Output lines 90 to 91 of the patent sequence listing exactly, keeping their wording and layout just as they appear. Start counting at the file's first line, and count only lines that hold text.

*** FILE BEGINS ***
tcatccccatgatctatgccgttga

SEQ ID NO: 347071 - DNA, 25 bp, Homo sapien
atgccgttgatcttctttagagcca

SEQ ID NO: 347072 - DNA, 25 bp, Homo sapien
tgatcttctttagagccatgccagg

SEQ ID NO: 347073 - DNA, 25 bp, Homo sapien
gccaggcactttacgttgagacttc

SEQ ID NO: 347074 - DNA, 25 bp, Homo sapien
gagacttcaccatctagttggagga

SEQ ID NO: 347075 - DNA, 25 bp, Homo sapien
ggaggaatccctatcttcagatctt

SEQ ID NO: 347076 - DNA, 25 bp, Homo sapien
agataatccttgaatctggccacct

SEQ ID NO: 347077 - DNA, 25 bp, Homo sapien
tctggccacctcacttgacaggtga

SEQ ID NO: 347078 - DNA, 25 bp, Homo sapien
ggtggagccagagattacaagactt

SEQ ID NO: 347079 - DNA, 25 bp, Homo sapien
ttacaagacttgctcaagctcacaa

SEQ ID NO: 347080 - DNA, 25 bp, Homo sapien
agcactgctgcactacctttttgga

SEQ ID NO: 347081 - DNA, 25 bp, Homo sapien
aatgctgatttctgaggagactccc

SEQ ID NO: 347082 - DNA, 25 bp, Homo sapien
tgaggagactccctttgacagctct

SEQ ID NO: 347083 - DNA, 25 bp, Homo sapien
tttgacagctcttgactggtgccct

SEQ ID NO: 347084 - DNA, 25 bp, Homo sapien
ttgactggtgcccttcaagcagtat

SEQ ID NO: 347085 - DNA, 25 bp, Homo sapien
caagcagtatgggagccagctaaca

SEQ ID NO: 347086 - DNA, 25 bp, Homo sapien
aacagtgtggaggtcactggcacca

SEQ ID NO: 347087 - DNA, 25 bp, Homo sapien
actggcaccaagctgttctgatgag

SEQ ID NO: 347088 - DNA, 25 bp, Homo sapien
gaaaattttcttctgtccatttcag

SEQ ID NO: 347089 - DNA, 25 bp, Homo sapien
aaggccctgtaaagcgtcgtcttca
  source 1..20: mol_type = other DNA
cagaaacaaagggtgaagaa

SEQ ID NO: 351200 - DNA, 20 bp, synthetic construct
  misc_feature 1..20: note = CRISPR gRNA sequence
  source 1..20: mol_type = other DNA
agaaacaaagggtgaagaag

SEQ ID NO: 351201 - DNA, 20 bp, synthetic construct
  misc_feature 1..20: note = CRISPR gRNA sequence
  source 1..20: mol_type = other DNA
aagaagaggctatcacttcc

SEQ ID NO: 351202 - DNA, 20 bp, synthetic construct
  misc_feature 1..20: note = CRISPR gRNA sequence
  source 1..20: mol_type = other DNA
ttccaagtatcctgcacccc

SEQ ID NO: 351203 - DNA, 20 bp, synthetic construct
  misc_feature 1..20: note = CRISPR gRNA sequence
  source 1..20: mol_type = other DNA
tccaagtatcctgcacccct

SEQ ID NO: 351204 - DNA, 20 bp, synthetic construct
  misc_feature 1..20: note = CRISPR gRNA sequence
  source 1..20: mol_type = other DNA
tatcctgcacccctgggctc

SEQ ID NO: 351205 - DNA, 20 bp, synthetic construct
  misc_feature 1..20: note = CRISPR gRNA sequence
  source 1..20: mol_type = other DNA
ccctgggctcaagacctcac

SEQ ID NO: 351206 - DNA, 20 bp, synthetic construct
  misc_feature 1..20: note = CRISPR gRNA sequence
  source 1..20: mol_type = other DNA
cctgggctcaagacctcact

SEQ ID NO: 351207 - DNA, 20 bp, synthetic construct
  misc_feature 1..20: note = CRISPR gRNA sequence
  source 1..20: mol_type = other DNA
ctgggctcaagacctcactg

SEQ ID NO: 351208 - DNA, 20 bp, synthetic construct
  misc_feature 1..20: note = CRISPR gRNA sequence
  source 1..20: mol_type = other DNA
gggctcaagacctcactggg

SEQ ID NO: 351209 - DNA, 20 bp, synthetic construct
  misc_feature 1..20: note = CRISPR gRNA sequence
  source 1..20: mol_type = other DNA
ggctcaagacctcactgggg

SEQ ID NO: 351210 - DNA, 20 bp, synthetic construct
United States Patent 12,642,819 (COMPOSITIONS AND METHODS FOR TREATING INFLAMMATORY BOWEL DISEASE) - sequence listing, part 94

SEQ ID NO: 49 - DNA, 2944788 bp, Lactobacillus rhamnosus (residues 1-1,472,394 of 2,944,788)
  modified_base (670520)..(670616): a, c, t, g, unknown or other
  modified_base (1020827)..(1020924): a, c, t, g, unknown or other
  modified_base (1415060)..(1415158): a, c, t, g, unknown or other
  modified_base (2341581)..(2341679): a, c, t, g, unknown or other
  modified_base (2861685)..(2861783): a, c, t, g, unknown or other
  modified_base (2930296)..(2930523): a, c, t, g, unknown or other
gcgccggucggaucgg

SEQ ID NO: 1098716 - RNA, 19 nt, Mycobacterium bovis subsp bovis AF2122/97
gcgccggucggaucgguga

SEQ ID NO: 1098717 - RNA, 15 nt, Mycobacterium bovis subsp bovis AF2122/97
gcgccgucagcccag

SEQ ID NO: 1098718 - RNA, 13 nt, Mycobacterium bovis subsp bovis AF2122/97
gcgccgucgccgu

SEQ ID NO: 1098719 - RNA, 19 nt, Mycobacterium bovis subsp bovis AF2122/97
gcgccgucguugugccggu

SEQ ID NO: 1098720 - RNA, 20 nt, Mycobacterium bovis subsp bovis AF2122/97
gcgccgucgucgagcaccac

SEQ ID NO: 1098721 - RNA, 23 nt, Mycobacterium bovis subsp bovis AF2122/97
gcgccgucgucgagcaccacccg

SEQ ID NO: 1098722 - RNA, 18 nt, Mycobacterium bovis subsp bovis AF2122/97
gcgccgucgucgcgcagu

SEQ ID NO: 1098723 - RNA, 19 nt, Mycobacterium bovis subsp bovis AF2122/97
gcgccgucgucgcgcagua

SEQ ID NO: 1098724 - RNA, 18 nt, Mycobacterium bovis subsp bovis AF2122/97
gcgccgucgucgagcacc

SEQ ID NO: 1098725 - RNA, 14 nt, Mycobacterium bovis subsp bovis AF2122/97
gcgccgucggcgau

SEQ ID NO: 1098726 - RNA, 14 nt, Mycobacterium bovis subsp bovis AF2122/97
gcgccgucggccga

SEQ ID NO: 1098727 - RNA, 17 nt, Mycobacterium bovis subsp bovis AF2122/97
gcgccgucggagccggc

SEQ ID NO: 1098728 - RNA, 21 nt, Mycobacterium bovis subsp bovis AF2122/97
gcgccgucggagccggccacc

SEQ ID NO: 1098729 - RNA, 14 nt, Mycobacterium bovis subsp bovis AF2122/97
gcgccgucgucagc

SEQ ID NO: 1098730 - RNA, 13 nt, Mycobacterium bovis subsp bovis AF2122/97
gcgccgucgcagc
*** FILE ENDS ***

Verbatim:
  modified_base (2930296)..(2930523): a, c, t, g, unknown or other
gcgccggucggaucgg